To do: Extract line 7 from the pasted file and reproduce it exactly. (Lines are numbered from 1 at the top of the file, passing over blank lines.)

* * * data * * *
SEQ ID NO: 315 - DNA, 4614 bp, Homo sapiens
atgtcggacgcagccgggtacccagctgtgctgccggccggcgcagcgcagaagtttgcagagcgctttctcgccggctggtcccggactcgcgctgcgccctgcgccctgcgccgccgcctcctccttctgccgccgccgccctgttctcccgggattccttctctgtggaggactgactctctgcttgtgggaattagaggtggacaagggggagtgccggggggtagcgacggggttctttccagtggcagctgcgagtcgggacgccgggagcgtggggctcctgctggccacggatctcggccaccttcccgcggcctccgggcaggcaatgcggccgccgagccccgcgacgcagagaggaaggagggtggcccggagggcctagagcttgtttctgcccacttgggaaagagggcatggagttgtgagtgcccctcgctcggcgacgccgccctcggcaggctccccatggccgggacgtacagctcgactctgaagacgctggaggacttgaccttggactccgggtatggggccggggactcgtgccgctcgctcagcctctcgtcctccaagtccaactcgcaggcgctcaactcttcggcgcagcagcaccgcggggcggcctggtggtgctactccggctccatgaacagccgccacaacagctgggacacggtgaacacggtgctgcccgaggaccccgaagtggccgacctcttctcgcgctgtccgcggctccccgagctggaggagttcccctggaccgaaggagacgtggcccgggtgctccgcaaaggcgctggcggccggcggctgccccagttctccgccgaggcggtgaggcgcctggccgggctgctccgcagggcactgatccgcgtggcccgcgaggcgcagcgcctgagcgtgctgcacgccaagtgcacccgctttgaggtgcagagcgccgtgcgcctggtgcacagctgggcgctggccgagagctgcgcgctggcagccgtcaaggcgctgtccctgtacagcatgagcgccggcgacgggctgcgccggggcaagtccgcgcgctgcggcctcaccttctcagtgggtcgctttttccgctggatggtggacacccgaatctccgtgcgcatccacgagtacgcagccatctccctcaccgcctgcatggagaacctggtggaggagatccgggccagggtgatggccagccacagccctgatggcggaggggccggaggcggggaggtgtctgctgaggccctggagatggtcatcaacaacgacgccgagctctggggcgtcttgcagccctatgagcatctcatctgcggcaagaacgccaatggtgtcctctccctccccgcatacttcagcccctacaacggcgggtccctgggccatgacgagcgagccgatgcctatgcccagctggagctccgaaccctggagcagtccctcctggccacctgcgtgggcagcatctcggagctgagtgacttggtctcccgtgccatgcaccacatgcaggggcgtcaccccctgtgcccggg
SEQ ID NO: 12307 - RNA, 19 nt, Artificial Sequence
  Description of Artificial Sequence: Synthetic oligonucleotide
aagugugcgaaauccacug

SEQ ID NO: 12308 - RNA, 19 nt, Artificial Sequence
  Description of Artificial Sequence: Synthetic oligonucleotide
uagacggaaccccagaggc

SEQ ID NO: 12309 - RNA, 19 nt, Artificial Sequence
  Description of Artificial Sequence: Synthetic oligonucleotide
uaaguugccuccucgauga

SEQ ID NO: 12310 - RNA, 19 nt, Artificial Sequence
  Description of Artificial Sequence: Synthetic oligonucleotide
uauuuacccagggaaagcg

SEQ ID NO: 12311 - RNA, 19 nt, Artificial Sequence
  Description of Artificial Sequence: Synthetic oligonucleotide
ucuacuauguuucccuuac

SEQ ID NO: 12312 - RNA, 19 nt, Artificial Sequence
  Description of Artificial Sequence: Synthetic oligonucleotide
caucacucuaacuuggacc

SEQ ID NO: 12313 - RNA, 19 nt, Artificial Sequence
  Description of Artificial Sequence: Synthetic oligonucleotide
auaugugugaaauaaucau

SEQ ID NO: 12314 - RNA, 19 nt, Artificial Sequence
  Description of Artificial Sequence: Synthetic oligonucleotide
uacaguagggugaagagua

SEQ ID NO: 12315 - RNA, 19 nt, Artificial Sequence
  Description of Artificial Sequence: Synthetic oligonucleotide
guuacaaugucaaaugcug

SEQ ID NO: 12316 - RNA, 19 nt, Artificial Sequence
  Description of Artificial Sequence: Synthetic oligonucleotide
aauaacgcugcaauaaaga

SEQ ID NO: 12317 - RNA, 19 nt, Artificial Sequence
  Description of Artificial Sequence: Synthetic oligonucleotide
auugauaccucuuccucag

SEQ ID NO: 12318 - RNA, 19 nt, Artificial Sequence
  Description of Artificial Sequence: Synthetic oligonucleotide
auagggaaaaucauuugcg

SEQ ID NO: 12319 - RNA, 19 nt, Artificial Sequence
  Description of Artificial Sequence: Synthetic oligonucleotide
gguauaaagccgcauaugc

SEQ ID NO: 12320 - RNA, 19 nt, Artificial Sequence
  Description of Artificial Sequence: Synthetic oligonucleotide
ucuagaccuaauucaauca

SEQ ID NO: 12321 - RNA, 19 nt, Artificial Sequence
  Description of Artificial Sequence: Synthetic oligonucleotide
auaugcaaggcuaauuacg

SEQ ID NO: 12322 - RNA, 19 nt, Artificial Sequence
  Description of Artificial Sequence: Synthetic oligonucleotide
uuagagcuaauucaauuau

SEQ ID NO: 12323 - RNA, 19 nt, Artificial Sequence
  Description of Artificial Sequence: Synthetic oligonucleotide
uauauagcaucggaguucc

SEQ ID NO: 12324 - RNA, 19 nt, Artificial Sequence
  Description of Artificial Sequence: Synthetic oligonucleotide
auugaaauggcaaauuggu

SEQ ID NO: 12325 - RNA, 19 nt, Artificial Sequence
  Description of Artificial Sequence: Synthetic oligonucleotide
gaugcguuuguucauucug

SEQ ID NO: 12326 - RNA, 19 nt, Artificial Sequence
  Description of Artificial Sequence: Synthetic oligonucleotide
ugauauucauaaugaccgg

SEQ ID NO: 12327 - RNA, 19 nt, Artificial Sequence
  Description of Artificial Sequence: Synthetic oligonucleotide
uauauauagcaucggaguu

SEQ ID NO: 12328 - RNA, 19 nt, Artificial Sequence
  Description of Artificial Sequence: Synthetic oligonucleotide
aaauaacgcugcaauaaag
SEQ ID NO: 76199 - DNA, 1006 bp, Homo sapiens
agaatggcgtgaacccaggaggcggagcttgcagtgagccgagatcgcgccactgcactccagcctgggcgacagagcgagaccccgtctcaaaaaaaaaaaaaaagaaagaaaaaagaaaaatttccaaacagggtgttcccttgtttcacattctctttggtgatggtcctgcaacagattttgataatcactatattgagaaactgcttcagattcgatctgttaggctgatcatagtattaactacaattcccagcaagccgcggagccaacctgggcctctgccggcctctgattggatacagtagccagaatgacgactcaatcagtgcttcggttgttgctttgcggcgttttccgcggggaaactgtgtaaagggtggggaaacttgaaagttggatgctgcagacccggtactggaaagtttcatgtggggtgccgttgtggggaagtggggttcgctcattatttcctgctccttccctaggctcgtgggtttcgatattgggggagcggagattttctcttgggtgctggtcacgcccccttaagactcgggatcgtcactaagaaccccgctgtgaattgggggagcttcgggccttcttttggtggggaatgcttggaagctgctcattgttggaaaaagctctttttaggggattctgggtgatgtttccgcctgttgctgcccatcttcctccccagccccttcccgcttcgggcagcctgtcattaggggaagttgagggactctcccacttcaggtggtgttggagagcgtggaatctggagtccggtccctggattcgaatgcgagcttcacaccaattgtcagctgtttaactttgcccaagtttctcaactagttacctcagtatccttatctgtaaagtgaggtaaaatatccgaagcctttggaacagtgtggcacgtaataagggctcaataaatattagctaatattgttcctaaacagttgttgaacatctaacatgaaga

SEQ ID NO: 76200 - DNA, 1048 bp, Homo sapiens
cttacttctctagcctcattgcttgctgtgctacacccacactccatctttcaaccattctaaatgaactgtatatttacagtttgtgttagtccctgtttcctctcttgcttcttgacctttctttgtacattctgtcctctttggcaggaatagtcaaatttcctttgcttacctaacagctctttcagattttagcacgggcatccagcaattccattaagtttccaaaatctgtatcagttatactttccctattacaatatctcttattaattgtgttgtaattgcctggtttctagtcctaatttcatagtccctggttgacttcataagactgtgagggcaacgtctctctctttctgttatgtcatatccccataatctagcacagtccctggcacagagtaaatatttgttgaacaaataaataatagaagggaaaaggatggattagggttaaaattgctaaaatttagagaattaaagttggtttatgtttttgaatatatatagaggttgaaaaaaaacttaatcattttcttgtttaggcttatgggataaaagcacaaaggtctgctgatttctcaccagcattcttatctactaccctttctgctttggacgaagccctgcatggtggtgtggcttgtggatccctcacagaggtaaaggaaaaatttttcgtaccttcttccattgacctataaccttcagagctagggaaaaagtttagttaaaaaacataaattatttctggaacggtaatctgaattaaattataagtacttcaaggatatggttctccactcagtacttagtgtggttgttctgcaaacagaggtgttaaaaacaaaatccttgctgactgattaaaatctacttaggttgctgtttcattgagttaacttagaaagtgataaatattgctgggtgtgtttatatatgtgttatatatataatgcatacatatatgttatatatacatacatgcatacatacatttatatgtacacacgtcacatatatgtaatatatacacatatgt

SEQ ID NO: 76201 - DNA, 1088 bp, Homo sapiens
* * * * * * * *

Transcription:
  Description of Artificial Sequence: Synthetic oligonucleotide